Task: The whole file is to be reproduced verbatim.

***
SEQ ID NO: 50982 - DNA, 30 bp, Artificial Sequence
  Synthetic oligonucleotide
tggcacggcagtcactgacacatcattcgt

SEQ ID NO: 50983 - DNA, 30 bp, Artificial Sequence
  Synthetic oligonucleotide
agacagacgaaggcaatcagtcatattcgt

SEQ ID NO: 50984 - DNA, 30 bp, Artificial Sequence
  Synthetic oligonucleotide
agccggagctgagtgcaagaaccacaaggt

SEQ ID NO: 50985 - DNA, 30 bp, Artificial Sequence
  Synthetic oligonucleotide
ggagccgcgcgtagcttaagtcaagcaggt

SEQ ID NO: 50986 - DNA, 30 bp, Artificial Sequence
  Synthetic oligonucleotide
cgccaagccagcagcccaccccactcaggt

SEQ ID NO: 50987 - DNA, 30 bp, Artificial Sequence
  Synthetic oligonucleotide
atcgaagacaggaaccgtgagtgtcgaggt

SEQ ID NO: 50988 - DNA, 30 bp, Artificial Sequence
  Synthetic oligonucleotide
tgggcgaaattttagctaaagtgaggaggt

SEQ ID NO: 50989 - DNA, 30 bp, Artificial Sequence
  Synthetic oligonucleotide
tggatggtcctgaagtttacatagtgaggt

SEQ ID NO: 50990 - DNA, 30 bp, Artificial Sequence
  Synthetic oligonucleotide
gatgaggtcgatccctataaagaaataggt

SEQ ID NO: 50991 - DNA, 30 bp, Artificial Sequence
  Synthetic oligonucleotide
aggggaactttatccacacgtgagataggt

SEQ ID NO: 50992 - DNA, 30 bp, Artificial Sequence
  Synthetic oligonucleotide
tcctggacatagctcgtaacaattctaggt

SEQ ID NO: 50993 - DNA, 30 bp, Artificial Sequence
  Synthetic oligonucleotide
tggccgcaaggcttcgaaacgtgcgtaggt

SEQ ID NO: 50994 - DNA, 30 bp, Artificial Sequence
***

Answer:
SEQ ID NO: 50982 - DNA, 30 bp, Artificial Sequence
  Synthetic oligonucleotide
tggcacggcagtcactgacacatcattcgt

SEQ ID NO: 50983 - DNA, 30 bp, Artificial Sequence
  Synthetic oligonucleotide
agacagacgaaggcaatcagtcatattcgt

SEQ ID NO: 50984 - DNA, 30 bp, Artificial Sequence
  Synthetic oligonucleotide
agccggagctgagtgcaagaaccacaaggt

SEQ ID NO: 50985 - DNA, 30 bp, Artificial Sequence
  Synthetic oligonucleotide
ggagccgcgcgtagcttaagtcaagcaggt

SEQ ID NO: 50986 - DNA, 30 bp, Artificial Sequence
  Synthetic oligonucleotide
cgccaagccagcagcccaccccactcaggt

SEQ ID NO: 50987 - DNA, 30 bp, Artificial Sequence
  Synthetic oligonucleotide
atcgaagacaggaaccgtgagtgtcgaggt

SEQ ID NO: 50988 - DNA, 30 bp, Artificial Sequence
  Synthetic oligonucleotide
tgggcgaaattttagctaaagtgaggaggt

SEQ ID NO: 50989 - DNA, 30 bp, Artificial Sequence
  Synthetic oligonucleotide
tggatggtcctgaagtttacatagtgaggt

SEQ ID NO: 50990 - DNA, 30 bp, Artificial Sequence
  Synthetic oligonucleotide
gatgaggtcgatccctataaagaaataggt

SEQ ID NO: 50991 - DNA, 30 bp, Artificial Sequence
  Synthetic oligonucleotide
aggggaactttatccacacgtgagataggt

SEQ ID NO: 50992 - DNA, 30 bp, Artificial Sequence
  Synthetic oligonucleotide
tcctggacatagctcgtaacaattctaggt

SEQ ID NO: 50993 - DNA, 30 bp, Artificial Sequence
  Synthetic oligonucleotide
tggccgcaaggcttcgaaacgtgcgtaggt

SEQ ID NO: 50994 - DNA, 30 bp, Artificial Sequence